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In this undated handout photo provided by the Scott Gediman of the Yosemite National Park Service, the firefall from Glacier Point is shown in Yosemite. A window of time just opened in Yosemite National Park when nature photographers wait, as if for an eclipse, until the moment when the sun and earth align to create a fleeting phenomenon. This marvel of celestial configuration happens in a flash at sunset in mid-February _ if the winter weather cooperates. On those days the setting sun illuminates one of the park's lesser-known waterfalls so precisely that it resembles molten lava as it flows over the sheer granite face of the imposing El Capitan. (AP Handout Photo/Yosemite National Park Service, Bethany Gediman) MUST CREDIT NATIONAL PARK SERVICE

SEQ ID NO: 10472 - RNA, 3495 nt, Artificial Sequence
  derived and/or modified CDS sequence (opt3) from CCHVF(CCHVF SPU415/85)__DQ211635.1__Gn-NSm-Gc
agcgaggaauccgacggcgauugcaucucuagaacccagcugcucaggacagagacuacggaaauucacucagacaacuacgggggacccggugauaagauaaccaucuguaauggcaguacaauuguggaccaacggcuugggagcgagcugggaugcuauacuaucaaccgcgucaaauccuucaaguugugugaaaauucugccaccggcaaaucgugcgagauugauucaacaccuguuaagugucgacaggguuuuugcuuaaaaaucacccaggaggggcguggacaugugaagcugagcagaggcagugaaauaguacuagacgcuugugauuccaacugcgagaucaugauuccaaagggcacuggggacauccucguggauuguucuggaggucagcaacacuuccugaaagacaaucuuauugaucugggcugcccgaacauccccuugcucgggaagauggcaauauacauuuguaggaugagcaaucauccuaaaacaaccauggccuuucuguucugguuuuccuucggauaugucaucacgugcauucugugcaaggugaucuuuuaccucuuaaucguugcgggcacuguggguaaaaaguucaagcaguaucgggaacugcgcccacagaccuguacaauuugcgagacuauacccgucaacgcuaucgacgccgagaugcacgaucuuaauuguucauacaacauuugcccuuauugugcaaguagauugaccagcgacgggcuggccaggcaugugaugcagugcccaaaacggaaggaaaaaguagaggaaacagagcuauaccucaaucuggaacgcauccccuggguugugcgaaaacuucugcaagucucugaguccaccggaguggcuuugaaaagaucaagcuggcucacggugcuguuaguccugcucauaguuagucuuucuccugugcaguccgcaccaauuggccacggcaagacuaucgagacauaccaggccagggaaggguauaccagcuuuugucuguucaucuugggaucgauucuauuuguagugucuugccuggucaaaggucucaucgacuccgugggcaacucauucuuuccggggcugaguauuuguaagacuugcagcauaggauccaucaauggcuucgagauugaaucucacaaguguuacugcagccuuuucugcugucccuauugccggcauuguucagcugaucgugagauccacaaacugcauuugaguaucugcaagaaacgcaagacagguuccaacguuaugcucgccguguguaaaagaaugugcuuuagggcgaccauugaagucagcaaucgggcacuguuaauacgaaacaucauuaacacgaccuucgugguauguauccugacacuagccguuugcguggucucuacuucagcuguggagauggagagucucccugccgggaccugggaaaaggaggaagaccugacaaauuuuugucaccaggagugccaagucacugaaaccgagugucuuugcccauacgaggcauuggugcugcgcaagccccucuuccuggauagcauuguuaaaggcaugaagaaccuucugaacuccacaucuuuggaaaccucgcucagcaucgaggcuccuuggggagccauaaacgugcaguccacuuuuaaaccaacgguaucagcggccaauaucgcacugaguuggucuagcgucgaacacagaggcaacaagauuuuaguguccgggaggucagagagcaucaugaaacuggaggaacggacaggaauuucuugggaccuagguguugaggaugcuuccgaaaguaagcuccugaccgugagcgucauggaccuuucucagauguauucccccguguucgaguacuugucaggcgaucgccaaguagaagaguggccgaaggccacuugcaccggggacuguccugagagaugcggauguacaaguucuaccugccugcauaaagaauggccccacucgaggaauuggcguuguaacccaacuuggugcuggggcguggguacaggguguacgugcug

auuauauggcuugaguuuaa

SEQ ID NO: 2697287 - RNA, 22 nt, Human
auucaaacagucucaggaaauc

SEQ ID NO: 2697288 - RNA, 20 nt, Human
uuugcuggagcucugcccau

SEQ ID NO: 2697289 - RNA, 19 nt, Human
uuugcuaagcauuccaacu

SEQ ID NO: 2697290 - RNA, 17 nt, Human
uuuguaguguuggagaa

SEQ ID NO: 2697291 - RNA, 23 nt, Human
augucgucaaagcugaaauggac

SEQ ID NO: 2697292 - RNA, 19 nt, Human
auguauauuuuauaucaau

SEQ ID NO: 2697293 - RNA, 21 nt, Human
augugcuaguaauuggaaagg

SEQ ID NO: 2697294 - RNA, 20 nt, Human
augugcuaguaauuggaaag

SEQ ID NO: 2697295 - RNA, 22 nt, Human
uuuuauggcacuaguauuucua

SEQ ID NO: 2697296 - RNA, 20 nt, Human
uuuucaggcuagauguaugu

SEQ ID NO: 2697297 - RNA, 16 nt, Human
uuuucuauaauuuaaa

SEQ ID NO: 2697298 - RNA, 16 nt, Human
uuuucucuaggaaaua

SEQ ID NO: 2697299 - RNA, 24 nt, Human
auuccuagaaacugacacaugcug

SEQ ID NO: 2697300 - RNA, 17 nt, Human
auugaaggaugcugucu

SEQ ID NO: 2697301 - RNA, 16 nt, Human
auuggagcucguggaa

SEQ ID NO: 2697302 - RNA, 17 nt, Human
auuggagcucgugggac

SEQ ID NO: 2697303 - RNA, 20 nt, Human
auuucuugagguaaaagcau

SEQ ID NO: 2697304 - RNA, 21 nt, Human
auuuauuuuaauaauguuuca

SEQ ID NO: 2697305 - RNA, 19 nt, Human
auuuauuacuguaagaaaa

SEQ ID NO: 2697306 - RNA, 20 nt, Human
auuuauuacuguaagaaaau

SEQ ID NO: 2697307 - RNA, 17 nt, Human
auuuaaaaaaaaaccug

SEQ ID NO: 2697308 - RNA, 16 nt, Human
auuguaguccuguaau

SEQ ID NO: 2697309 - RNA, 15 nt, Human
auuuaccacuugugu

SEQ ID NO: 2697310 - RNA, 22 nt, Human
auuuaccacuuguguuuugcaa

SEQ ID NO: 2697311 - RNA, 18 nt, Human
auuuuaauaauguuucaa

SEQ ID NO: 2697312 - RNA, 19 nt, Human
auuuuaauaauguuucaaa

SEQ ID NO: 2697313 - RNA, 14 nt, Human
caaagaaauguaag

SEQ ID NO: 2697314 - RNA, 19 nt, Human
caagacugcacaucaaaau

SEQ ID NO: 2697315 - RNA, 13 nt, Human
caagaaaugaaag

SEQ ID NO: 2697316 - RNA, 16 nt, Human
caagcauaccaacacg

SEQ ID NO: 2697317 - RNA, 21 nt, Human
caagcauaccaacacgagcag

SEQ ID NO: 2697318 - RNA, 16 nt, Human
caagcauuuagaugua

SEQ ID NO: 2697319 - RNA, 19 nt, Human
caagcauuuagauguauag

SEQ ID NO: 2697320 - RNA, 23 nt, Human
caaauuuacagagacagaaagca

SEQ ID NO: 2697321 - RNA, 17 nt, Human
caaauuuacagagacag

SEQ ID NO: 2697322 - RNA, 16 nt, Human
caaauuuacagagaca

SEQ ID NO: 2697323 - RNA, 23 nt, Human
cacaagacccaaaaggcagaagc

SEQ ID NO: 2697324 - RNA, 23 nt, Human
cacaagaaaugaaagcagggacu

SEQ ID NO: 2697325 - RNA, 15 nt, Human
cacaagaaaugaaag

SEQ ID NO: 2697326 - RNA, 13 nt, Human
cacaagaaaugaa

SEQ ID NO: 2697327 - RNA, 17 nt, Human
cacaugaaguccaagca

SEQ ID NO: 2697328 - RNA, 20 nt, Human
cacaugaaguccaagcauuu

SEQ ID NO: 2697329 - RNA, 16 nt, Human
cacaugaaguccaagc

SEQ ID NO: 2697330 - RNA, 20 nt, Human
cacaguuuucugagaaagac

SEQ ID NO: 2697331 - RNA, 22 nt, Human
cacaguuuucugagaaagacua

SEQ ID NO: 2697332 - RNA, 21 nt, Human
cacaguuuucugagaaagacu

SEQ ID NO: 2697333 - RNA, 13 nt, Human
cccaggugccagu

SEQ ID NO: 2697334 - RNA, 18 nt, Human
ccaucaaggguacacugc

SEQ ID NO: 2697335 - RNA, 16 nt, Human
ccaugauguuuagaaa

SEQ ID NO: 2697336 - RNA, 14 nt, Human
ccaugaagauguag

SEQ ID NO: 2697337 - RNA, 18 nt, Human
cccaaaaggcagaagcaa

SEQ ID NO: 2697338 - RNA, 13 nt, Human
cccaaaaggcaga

Yosemite's 'lava waterfall'

January 1, 1970

This marvel of celestial configuration happens in a flash at sunset in mid-February — if the winter weather cooperates. On those days the setting sun illuminates one of the park's lesser-known waterfalls so precisely that it resembles molten lava as it flows over the sheer granite face of the imposing El Capitan.